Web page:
I faked it by trying to ignore the numbers, moving my mouth randomly, and trying to do what the others were doing. It didn't fool anybody. They may have had trouble with fractions, but my classmates had no trouble distinguishing my awkward counterfeits from their own fluid, well-grounded movements. I was the weird kid, and I always would be. 

I pretended not to care about gym class. I aspired to the position of "absent-minded professor," at school: it was not the same thing as a full-fledged person, but it was a role; it qualified you for a spot on Gilligan's Island. I got by. I was bullied a little, but not too much. I had a way with words and a deep fund of malice -- I might land you with a nickname you'd have trouble getting rid of -- and there were easier targets. 


Long ago, long ago: why bother with it? I've gotten by, sidling through the world, finding dusty corners to live in, like a wary spider in an untidy house. The weird kid had a will, and a brain. He did all right. Burned out spectacularly twice; threw away two promising careers, but he had a nice family; he ended his working days comfortably doing part time data entry and part time massage: and he had time enough to spend on meditation, prayer, history, literature, and philosophy to actually understand some things. To write some essays and poetry. More than most people ever get. Far more than that kid under the florescent lights of the gymnasium, bewildered by the rhythmic bellowing of the neurotypicals, dared to hope for.

Still the mind goes back, and gnaws on things; misspoken words return, the scent of chalk dust and gym ropes. The painfully obviously developmentally disabled kid I should have befriended, and did not. God's going to ask about him, at our debriefing, and I'm not looking forward to that conversation. His name was Martin -- as if he didn't enough troubles already -- and he was even more duck-footed and awkward than I was, even more easily confused. I didn't participate in tormenting him, and that's as much as I can say for myself. You don't have to run faster than the bear.


The physical awkwardness went away completely: I think of myself now as fluid and deft in my movements. Maybe it's just because I'm no longer required to do unfamiliar things at unfamiliar tempos, while receiving a firehose-stream of nonsensical verbiage. Maybe it's some delayed developmental thing. Maybe it was dance class and contact improv in college; maybe it was as late as massage school; maybe it was reading and writing poetry. Anyway I live comfortably in my body now, which has been one of the great, unexpected blessings of adulthood.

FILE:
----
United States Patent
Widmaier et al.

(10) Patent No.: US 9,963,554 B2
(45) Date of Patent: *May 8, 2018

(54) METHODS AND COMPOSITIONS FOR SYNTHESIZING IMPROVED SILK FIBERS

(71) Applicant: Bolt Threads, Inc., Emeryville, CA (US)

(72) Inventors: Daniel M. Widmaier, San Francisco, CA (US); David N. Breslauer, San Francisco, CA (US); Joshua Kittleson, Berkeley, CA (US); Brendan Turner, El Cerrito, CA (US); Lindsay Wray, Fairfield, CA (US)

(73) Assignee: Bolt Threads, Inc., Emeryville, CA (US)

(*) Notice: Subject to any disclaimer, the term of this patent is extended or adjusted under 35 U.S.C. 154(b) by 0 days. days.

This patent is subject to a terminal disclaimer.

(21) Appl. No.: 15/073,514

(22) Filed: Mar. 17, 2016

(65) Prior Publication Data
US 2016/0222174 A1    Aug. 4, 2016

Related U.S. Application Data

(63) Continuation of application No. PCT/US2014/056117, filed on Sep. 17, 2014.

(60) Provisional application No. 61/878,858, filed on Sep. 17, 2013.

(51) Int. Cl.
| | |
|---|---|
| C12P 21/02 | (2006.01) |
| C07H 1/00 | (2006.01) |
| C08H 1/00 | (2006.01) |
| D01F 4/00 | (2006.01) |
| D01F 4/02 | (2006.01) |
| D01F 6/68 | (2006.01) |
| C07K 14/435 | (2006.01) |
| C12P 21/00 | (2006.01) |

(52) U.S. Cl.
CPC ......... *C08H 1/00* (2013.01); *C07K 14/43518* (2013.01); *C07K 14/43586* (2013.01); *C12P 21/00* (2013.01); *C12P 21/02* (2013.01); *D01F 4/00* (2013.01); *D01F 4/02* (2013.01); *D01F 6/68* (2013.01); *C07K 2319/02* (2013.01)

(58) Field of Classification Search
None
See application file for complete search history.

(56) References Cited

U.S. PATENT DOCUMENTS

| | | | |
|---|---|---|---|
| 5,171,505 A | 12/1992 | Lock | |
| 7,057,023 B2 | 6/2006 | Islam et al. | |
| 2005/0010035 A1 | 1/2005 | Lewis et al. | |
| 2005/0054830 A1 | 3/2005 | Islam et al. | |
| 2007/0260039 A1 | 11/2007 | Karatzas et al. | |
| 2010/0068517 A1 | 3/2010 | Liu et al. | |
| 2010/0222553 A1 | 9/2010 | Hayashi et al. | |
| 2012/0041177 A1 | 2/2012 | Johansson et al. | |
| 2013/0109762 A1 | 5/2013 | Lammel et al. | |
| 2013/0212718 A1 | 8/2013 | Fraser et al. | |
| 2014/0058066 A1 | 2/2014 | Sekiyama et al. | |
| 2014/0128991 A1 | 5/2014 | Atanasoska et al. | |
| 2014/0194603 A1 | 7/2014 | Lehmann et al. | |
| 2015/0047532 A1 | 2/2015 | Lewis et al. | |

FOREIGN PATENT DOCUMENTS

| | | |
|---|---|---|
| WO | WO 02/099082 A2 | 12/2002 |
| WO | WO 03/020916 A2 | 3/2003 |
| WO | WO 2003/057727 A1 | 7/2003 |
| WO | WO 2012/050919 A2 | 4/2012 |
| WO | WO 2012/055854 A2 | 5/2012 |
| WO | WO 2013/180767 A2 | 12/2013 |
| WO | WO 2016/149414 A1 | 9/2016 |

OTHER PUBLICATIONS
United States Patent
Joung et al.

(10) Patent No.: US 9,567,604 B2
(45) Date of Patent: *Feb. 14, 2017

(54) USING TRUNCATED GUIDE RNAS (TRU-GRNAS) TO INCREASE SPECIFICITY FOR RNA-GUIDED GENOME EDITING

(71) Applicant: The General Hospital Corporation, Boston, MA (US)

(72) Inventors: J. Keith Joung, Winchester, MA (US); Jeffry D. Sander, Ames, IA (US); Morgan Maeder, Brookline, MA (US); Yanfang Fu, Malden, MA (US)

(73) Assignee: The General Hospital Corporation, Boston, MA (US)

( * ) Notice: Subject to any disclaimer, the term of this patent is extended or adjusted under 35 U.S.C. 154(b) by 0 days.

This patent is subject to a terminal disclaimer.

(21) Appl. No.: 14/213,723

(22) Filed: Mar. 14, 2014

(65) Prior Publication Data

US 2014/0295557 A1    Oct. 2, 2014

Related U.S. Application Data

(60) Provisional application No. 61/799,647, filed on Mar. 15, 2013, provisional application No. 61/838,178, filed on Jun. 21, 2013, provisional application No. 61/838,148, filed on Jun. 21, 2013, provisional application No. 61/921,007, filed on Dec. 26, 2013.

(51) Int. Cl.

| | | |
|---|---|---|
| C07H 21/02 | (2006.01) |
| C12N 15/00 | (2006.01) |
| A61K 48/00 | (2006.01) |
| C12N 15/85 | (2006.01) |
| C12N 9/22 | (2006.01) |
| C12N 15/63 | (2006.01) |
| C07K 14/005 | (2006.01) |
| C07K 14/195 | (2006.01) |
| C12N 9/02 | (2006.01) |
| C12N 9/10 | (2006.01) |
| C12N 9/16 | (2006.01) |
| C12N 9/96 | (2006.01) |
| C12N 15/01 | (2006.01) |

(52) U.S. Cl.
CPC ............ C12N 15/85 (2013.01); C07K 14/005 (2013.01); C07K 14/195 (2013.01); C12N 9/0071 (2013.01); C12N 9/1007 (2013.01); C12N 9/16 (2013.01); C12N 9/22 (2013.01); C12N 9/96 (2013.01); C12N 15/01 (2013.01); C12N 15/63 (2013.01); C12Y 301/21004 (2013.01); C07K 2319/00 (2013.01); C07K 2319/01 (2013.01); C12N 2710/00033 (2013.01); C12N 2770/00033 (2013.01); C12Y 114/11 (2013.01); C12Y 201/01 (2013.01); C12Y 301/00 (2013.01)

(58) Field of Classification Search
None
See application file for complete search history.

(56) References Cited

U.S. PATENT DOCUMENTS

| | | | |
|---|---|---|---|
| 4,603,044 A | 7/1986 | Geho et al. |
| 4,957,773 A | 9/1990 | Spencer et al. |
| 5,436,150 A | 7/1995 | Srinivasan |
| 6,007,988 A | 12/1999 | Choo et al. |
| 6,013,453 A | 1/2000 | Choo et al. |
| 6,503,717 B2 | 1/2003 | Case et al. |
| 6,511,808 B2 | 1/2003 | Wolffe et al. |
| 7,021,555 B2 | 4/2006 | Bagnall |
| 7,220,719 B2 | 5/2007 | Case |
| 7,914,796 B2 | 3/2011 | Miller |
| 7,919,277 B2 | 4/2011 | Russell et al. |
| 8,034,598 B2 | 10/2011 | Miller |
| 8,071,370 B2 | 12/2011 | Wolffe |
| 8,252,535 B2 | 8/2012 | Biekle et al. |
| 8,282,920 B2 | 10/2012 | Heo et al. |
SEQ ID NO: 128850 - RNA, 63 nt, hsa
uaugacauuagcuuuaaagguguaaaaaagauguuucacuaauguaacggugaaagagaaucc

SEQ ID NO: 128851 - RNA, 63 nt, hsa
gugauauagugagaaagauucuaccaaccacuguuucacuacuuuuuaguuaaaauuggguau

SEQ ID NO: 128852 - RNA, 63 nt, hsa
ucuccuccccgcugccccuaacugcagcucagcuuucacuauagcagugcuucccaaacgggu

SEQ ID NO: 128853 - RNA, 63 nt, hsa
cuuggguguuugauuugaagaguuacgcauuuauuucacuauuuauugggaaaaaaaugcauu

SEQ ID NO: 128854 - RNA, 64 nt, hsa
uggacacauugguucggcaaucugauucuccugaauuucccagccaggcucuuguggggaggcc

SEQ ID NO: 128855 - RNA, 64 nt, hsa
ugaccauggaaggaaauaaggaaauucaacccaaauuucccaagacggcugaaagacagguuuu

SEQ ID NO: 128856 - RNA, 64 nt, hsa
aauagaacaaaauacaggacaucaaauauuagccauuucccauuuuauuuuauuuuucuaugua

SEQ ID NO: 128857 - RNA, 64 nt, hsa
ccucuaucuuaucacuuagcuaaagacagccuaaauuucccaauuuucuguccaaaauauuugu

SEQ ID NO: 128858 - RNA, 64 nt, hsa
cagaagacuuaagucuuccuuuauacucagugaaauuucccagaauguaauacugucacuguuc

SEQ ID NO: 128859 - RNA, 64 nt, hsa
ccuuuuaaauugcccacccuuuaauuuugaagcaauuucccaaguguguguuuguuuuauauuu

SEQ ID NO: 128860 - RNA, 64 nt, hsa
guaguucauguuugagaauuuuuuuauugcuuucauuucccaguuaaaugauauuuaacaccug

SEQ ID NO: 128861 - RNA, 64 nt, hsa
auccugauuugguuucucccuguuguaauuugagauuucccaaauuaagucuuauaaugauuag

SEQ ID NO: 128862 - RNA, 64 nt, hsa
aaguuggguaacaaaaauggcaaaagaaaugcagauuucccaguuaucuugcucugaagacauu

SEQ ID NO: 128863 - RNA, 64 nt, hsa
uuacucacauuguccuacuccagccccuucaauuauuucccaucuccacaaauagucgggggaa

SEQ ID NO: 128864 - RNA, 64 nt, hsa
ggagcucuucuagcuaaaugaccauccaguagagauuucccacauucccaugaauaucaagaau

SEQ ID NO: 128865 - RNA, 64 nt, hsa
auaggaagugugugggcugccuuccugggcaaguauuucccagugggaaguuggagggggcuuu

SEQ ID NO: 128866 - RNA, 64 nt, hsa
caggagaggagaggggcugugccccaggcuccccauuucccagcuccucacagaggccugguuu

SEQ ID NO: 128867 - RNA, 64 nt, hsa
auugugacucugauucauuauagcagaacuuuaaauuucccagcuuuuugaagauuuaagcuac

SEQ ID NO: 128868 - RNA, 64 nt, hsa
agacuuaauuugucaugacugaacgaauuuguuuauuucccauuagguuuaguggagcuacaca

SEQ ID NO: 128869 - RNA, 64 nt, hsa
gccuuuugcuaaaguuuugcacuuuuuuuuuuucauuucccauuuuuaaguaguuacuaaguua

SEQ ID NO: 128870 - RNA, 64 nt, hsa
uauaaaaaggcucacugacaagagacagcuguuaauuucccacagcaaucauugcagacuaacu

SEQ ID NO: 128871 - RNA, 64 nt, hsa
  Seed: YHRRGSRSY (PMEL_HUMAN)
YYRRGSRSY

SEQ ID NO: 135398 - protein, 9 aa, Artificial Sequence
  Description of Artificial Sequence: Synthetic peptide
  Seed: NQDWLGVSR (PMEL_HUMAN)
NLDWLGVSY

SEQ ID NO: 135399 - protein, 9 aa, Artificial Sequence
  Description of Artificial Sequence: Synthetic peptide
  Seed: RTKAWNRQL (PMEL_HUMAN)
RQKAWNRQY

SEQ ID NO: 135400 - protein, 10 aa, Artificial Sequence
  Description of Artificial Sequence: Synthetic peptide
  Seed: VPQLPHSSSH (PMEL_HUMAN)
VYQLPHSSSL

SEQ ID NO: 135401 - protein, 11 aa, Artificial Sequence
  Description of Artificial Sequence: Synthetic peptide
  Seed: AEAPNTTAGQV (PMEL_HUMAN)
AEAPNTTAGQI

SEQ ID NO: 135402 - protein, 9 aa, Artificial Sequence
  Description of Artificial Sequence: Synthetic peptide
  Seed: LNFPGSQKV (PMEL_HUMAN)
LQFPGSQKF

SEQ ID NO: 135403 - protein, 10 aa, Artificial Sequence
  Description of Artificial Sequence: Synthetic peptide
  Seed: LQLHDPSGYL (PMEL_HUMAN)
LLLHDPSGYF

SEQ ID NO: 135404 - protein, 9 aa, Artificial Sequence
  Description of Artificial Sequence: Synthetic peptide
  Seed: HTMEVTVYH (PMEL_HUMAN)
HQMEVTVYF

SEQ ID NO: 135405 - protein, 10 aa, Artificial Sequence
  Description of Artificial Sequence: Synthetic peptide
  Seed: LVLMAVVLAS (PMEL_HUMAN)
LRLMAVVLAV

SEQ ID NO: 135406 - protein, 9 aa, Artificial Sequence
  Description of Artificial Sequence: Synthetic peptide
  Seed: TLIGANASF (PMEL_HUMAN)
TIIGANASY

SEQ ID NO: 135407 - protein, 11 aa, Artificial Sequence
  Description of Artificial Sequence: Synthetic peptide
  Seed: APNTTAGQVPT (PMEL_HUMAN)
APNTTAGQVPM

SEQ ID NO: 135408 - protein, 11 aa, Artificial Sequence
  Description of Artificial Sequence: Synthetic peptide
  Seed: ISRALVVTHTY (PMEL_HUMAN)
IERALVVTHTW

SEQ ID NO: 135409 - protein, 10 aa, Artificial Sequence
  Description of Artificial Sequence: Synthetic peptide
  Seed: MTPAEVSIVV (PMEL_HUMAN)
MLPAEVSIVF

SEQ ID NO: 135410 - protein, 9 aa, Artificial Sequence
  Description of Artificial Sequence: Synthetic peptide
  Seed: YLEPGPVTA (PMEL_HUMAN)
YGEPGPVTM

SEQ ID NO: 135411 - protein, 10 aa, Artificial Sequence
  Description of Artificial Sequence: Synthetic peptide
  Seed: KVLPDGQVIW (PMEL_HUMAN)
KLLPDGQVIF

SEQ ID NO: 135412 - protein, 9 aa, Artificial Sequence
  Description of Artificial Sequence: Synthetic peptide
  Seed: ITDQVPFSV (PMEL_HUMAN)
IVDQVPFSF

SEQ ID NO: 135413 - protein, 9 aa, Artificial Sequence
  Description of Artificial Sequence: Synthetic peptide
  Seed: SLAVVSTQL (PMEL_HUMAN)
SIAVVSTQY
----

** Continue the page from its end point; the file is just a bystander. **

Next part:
In the morning the light gleams on a rectangle of copper foil, as I let my spine extend, and the Copper Buddha appears in a circle of radiance. Sometimes it's the sun blazing through a circle of wet twigs. Sometimes it's neither, but only a feeble, elderly reaching of the mind for things half remembered and half made up. If you push for resolution on these things, all they'll do is collapse and shrivel. You take what you get, gratefully; and when there's nothing offered, you take that gratefully too.

Monday, April 01, 2024


When this poem germinated I was thinking only of vultures, of their long patient deliberations in the sky: the math teacher walked into it and surprised me. He was an ancient man who taught me calculus -- an amazement that still amazes.

A math teacher stooped in his pulpit walk:
as he turns he lifts one dull black tine
(a primary feather, like a sprig of chalk)
and slowly underscores the horizon line.

He is deliberate, hooded, ugly, sincere.
There is a beat (stroke of pen, sweep of oar)
in his blood-naked head only he can hear:
this is what it means for an old man to soar.